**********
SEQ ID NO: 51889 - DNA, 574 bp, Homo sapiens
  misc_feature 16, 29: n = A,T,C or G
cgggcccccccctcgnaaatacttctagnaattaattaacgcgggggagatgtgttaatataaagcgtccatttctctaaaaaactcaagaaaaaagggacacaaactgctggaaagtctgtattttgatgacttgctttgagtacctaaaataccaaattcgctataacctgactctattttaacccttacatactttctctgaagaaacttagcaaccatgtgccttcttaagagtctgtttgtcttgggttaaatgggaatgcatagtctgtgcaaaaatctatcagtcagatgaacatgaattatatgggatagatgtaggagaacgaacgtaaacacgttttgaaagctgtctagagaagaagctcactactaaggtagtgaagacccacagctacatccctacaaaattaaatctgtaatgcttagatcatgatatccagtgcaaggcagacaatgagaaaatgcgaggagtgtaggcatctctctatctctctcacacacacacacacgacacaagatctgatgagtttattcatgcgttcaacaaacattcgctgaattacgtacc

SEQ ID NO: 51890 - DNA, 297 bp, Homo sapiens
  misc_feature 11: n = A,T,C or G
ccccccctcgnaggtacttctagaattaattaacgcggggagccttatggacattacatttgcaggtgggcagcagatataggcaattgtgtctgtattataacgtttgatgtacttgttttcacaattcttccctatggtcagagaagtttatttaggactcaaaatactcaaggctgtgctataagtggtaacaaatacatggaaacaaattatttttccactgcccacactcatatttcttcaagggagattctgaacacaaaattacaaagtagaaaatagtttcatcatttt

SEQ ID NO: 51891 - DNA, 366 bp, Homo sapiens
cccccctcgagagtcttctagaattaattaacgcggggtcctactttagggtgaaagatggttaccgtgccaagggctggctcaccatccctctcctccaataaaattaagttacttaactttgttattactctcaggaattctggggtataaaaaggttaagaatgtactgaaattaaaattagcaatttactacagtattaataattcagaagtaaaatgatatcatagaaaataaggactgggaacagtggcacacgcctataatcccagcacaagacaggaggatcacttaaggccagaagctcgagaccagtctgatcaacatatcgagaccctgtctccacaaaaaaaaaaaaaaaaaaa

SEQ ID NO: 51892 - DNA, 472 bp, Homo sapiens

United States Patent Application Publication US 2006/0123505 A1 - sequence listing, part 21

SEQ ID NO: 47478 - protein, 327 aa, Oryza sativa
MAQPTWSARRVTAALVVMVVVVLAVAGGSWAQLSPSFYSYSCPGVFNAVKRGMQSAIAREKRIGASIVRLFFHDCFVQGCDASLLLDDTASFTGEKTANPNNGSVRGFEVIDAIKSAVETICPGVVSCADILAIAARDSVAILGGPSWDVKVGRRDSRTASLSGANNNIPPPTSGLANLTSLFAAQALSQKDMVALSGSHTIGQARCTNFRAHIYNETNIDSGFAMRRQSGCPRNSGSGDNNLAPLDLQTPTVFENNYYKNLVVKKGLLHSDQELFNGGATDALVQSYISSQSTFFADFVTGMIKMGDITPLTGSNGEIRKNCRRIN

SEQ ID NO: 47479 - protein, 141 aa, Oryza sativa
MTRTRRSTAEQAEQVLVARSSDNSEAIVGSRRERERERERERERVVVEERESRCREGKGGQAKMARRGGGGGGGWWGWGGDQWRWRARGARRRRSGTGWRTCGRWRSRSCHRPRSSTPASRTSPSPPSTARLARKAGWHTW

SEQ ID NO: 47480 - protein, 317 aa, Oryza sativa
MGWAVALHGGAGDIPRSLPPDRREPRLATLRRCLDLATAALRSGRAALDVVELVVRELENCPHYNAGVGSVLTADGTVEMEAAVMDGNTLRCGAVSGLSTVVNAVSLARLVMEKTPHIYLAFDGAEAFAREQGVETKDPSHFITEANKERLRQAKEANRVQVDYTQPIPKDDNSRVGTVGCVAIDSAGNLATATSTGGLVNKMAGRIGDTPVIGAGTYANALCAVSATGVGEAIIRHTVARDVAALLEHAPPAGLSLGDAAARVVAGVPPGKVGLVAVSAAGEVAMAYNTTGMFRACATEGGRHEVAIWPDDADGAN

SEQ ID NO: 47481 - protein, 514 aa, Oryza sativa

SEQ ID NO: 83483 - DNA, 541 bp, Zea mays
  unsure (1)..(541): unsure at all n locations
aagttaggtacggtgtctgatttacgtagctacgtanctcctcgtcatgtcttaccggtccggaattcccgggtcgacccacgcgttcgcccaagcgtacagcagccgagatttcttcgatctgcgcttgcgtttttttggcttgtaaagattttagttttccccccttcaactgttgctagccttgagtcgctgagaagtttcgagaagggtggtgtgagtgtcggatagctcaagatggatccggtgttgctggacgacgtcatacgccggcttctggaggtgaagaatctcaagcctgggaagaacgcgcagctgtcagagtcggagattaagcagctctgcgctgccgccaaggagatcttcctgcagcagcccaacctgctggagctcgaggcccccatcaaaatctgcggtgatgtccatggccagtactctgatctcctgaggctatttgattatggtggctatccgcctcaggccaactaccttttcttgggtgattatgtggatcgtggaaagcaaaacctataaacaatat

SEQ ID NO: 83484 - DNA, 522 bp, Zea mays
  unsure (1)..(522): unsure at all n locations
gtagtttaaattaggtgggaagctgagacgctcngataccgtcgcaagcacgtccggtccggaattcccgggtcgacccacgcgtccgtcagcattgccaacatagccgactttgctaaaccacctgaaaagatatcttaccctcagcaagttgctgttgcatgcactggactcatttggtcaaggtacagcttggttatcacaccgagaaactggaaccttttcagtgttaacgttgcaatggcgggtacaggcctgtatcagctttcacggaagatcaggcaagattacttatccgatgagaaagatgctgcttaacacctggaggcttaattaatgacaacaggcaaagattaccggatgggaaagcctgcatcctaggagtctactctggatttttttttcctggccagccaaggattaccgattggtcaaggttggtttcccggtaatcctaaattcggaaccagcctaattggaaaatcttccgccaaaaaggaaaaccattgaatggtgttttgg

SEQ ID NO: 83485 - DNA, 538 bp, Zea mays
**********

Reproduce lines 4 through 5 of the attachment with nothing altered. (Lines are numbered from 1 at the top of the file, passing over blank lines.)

SEQ ID NO: 51890 - DNA, 297 bp, Homo sapiens
  misc_feature 11: n = A,T,C or G